US 2669742 A
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Description (OCR text may contain errors)
Feb. 23, 1954 s. T. COUGHLAN 2,669,742
PAINT ROLLER Filed May 25, 1950 4mm We,
ATTORNEY Patented Feb. 23, 1954 PAINT ROLLER Standly T. Coughlan, Dearborn, Micln, assignor to King Paint Roller Ina, Detroit, Mich, a corporation of Michigan Application May 25, 1950, Serial No. 164,133
This invention relates to paint and decorating tools and has particular reference to a device for rolling paint onto a wall or other flat surface.
An object of the invention is to generally inrprove devices of this character and to provide a paint roller which is simple in construction, economical to manufacture, and efiicient in operation.
Another object of the invention is the provision of a device of the character indicated which is fabricated of a minimum number of parts, which makes for ease in assembling the device.
Another object of the invention is the provision of a device of the character indicated which is constructed and arranged so that the paintcarrying surfaces of the roller are firmly held in proper alignment, and any tendency of the roller to wobble is obviated.
Another object of the invention is the provi sion of a paint roller which is constructed and arranged so that there is a positive driving action throughout all of the parts of the roller, which obviates any tendency of the paint-carrying elements to twist or spiral about the longitudinal axis of the roller when being used.
Other objects and advantages of the invention will become apparent as the description proceeds, reference being made to the accompanying drawings, in which drawings:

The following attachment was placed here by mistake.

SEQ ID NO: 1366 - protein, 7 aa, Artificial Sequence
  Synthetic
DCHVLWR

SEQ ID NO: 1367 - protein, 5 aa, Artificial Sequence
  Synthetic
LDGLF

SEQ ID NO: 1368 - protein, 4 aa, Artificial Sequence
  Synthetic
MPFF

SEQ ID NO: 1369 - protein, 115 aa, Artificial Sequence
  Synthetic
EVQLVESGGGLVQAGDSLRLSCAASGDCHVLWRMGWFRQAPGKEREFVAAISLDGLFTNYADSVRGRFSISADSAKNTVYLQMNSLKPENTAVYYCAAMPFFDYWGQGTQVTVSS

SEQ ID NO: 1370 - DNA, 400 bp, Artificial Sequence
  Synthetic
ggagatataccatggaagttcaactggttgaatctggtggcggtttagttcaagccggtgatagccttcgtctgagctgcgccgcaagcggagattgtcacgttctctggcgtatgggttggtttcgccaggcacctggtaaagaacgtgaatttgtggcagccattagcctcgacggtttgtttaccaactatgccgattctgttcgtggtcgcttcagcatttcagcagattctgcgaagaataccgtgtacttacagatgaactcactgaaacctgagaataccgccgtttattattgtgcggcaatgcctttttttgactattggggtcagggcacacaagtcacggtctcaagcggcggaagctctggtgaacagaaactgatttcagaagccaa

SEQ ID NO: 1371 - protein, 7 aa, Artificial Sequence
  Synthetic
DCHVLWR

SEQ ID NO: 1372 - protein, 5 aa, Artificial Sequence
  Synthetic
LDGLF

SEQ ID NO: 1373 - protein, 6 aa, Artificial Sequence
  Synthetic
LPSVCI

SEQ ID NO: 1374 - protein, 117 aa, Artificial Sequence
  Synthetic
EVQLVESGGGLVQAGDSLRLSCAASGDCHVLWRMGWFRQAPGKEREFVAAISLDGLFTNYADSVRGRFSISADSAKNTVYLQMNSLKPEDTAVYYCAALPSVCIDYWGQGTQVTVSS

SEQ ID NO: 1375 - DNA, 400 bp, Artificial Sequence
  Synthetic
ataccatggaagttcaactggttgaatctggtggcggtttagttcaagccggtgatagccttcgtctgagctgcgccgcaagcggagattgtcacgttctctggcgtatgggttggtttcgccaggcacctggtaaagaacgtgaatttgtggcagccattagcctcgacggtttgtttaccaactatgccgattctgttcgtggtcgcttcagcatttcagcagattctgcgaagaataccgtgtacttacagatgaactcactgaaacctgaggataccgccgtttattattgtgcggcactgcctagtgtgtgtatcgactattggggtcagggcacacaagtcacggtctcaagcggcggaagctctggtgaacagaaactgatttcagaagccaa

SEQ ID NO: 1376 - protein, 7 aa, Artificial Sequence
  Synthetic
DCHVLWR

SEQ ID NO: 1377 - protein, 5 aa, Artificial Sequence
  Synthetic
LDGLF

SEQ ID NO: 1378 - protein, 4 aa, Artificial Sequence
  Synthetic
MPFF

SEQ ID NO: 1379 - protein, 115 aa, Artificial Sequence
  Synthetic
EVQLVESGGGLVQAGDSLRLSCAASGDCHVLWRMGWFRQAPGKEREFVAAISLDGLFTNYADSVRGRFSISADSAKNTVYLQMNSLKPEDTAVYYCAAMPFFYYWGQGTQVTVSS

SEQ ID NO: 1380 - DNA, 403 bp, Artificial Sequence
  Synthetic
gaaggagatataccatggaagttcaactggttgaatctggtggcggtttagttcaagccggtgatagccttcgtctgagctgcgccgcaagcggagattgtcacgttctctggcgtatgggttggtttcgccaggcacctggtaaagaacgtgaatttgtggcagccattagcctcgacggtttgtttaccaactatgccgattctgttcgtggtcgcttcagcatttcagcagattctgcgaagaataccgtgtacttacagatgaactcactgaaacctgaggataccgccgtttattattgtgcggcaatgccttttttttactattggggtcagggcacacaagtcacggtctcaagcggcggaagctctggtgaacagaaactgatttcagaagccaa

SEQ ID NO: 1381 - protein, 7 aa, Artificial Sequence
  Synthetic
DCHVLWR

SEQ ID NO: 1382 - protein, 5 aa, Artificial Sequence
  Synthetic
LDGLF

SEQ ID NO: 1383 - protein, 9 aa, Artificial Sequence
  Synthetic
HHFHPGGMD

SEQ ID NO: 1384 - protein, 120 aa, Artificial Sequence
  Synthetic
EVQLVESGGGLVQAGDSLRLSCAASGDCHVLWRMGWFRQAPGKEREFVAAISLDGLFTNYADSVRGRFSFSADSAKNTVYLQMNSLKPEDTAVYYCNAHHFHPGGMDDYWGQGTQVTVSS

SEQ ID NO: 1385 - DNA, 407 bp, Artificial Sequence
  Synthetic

Fig. l is a plan view, with parts in section, of a paint roller embodying the invention.
Fig. 2 is an enlarged section taken substantially on the line 2--2 of Fig. 1.
Fig. 3 is an enlarged perspective view of the split cylinder comprising one of the principal parts of the device.
Referring now more particularly to the drawings, it will be understood that in the embodiment herein disclosed, the reference character 1 indicates a rod which is bent and rebent to form a handle portion 8, at the end of which is mounted a hand grip 9 and an axle portion [0, on which is mounted the roller as hereinafter described.
The roller consists generally of a cylindrical member H (Fig. 3) which is split longitudinally as at I2. The member H is preferably rolled from a stamping having a plurality of ears I3, formed at each end. The ears l3 are slotted, as at H, to accommodate tongues 15 (Fig. 2) which are formed integrally on the edges of the end closure members 15. The end closure members l6 are also stampings, each formed with a cross section as shown in Fig. 1, and having a central opening I I, in which is secured a bearing member it, through which the axle It extends. The protruding end 19 of the axle I0 is drilled and tapped to accommodate a set screw 20, which serves to prevent the roller from end-wise movement in one direction. The roller is held against longitudinal movement in the opposite direction by means of a stop 2 I, which is held on the axle H] by crimps 22 formed on the axle Ill.